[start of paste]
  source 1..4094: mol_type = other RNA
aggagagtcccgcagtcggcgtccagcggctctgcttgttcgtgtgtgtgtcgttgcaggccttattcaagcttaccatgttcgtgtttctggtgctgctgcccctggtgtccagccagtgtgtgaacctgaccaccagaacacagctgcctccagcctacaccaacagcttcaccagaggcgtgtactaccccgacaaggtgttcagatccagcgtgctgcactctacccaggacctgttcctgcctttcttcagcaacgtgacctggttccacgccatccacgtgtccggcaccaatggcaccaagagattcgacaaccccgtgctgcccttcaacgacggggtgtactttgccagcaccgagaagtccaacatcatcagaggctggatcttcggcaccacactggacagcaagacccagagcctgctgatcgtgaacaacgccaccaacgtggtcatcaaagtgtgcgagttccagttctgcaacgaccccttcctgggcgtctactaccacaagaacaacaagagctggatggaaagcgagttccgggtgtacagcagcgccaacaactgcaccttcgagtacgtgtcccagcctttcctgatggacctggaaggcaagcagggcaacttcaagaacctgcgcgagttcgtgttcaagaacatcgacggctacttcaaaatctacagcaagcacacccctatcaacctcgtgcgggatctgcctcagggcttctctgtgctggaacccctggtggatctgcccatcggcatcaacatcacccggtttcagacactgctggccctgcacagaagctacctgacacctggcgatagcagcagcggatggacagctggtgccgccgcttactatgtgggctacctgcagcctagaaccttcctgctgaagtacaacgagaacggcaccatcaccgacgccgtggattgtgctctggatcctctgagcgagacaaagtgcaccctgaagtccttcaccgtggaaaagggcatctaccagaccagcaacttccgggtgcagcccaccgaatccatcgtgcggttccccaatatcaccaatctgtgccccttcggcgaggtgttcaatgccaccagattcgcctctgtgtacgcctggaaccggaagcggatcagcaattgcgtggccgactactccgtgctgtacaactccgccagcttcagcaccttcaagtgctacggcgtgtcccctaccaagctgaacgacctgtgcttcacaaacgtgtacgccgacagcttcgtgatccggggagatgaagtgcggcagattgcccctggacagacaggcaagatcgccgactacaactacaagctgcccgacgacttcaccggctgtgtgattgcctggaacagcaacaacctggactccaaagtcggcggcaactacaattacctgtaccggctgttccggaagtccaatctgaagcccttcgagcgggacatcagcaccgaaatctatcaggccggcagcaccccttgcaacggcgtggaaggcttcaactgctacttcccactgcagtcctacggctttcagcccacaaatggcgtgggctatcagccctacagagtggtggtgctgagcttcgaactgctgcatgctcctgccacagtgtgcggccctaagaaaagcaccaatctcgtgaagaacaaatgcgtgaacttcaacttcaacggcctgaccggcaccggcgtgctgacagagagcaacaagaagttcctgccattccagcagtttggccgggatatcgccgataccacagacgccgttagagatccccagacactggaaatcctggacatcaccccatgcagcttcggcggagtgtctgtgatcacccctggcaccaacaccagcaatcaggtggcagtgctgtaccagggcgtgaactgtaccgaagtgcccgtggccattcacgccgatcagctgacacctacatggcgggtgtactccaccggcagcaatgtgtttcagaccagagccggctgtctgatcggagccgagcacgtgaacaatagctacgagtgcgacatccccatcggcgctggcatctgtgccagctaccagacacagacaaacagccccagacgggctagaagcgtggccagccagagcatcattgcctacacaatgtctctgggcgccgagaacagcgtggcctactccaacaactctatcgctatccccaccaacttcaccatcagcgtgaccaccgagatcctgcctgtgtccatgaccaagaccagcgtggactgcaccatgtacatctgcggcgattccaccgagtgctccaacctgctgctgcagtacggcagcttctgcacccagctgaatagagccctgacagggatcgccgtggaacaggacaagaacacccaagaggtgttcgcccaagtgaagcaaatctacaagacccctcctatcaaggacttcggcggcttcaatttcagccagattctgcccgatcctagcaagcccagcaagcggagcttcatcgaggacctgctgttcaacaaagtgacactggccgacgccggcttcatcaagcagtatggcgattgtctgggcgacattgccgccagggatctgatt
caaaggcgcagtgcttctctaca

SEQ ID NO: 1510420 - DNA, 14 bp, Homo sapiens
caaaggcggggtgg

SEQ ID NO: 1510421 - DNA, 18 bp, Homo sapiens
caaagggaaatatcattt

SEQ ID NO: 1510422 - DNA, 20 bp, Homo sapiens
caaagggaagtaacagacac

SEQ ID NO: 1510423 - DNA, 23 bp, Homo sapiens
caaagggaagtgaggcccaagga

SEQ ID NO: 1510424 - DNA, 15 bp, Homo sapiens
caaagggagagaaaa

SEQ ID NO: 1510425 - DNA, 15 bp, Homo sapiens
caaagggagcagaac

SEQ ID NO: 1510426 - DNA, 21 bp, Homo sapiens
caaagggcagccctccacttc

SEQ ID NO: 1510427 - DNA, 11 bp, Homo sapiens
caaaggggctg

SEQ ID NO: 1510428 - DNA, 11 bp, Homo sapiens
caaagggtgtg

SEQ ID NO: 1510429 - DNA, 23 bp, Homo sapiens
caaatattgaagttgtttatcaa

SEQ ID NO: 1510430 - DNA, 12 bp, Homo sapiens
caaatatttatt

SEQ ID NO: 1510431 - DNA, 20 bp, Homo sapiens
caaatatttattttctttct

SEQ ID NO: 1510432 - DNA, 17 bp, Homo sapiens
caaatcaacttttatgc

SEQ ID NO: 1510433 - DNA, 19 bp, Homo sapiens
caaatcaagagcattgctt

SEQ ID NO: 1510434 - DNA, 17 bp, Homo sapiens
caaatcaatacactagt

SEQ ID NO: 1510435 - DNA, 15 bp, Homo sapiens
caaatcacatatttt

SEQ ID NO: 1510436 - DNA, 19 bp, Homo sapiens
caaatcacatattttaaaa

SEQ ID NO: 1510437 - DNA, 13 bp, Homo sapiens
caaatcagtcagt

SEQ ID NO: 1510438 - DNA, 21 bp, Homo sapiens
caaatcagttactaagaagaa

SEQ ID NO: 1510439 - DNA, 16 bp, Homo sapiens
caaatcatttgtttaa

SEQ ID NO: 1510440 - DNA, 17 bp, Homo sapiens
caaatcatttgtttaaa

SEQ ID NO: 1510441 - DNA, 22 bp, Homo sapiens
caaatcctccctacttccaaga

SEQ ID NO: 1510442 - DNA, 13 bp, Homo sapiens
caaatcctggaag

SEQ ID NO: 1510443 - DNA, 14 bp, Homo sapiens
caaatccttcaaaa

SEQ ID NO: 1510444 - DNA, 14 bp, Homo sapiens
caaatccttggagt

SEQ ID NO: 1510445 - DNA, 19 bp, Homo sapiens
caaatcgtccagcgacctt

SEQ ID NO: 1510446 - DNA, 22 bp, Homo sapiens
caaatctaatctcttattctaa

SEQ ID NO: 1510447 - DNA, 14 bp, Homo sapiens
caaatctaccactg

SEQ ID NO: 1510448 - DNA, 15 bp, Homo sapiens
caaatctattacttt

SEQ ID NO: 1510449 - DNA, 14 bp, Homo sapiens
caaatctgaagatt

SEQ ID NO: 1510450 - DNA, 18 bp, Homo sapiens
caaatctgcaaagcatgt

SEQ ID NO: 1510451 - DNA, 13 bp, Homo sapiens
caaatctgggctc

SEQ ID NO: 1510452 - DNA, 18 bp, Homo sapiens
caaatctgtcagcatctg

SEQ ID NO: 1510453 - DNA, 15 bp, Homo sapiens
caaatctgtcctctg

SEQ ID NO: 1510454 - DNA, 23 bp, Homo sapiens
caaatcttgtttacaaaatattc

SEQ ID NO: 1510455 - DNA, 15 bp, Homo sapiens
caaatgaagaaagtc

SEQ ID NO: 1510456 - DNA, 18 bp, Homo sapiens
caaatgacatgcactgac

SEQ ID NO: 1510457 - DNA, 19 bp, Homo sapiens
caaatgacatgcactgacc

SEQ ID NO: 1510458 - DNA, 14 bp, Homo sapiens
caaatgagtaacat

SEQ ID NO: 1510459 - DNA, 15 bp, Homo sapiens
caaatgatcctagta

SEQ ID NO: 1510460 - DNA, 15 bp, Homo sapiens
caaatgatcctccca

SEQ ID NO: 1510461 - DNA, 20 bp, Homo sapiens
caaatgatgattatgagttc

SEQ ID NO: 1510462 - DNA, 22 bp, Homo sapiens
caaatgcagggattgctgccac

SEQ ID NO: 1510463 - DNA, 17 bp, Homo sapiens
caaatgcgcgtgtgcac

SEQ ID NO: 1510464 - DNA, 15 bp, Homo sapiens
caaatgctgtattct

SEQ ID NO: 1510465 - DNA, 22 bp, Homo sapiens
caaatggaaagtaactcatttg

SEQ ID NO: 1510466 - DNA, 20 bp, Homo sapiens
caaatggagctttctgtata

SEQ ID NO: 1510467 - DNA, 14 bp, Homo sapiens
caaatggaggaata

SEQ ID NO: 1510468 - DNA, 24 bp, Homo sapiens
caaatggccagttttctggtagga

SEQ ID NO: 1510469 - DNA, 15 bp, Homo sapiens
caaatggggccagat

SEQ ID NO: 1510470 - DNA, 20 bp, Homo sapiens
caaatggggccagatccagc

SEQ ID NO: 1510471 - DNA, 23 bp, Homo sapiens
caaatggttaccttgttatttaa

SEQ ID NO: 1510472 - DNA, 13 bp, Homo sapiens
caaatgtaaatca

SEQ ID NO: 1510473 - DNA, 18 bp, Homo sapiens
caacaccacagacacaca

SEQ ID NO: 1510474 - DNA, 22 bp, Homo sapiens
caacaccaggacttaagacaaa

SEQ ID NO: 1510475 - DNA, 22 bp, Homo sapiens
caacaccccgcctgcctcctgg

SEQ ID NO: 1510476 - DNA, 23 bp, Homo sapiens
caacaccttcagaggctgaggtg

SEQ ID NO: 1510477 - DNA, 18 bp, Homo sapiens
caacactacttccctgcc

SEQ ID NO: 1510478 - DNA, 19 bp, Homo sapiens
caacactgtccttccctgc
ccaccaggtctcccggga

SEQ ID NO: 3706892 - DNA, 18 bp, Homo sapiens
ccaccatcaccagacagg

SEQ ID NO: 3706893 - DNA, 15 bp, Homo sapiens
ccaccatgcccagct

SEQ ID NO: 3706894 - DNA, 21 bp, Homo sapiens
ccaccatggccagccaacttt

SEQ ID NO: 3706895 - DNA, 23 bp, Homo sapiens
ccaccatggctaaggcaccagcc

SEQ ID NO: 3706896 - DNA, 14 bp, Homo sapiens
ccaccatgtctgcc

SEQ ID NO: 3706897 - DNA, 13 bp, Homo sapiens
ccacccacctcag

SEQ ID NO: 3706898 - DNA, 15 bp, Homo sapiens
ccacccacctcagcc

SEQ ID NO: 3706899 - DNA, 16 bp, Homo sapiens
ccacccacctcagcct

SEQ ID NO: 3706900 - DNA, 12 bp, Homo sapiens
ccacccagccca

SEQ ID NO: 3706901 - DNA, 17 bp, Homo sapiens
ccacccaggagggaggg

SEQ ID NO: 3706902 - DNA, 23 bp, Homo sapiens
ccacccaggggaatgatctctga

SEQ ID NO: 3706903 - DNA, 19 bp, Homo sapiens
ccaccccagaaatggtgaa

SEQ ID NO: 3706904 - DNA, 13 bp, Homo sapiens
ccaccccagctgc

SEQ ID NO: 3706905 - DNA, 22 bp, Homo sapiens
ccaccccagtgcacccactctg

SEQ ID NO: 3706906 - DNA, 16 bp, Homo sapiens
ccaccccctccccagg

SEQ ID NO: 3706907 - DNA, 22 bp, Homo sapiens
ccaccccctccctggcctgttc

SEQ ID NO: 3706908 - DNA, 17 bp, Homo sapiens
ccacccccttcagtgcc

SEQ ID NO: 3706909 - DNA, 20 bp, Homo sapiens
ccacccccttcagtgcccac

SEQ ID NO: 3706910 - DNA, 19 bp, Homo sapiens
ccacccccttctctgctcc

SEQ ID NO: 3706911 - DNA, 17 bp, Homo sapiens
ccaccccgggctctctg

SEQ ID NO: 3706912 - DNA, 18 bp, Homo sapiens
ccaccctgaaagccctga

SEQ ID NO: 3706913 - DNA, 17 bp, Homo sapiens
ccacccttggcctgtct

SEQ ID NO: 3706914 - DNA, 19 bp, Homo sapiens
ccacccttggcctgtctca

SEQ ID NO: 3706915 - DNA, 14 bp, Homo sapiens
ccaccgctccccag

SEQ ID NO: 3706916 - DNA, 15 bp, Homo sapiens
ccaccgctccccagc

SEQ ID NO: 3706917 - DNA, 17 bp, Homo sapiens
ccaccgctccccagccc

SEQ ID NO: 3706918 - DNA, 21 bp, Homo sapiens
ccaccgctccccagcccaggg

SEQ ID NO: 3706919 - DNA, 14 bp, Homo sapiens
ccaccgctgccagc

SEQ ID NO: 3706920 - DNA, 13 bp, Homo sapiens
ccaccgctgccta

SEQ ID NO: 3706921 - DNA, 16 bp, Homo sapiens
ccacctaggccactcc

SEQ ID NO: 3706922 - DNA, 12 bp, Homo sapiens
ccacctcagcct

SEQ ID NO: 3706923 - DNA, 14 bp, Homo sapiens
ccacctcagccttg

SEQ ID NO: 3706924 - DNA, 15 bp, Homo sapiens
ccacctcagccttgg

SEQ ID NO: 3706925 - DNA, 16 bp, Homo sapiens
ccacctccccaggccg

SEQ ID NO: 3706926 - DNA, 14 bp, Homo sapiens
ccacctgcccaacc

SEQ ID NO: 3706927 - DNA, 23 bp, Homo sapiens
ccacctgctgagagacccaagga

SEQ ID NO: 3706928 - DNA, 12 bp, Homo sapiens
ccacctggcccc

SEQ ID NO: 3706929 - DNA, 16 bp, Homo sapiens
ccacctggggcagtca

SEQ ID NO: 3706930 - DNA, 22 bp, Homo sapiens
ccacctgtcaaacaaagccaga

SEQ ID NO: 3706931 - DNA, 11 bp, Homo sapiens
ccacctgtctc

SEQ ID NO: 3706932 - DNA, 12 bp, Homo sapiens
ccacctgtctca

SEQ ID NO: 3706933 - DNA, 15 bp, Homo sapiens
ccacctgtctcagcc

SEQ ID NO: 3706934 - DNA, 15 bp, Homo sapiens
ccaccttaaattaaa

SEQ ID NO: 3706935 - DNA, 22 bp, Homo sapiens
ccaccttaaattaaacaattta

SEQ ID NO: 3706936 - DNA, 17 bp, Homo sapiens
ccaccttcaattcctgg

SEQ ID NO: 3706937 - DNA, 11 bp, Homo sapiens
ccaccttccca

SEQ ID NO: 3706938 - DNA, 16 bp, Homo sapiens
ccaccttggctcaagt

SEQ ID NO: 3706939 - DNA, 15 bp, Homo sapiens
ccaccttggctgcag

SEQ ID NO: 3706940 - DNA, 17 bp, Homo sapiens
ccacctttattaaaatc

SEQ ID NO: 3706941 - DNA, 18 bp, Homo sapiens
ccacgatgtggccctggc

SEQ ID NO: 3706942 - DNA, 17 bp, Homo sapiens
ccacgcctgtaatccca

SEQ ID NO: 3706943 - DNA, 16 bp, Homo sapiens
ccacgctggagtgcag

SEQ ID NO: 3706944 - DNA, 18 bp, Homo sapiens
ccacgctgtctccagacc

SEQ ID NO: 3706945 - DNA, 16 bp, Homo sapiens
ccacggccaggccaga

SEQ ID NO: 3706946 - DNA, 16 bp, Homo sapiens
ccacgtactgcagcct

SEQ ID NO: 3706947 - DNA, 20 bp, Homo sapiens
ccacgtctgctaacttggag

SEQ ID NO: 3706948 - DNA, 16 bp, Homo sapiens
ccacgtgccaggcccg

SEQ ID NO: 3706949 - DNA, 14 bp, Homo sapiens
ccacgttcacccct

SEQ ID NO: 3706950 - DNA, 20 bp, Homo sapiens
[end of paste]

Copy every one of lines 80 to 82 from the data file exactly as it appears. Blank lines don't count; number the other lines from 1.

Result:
SEQ ID NO: 1510458 - DNA, 14 bp, Homo sapiens
caaatgagtaacat

SEQ ID NO: 1510459 - DNA, 15 bp, Homo sapiens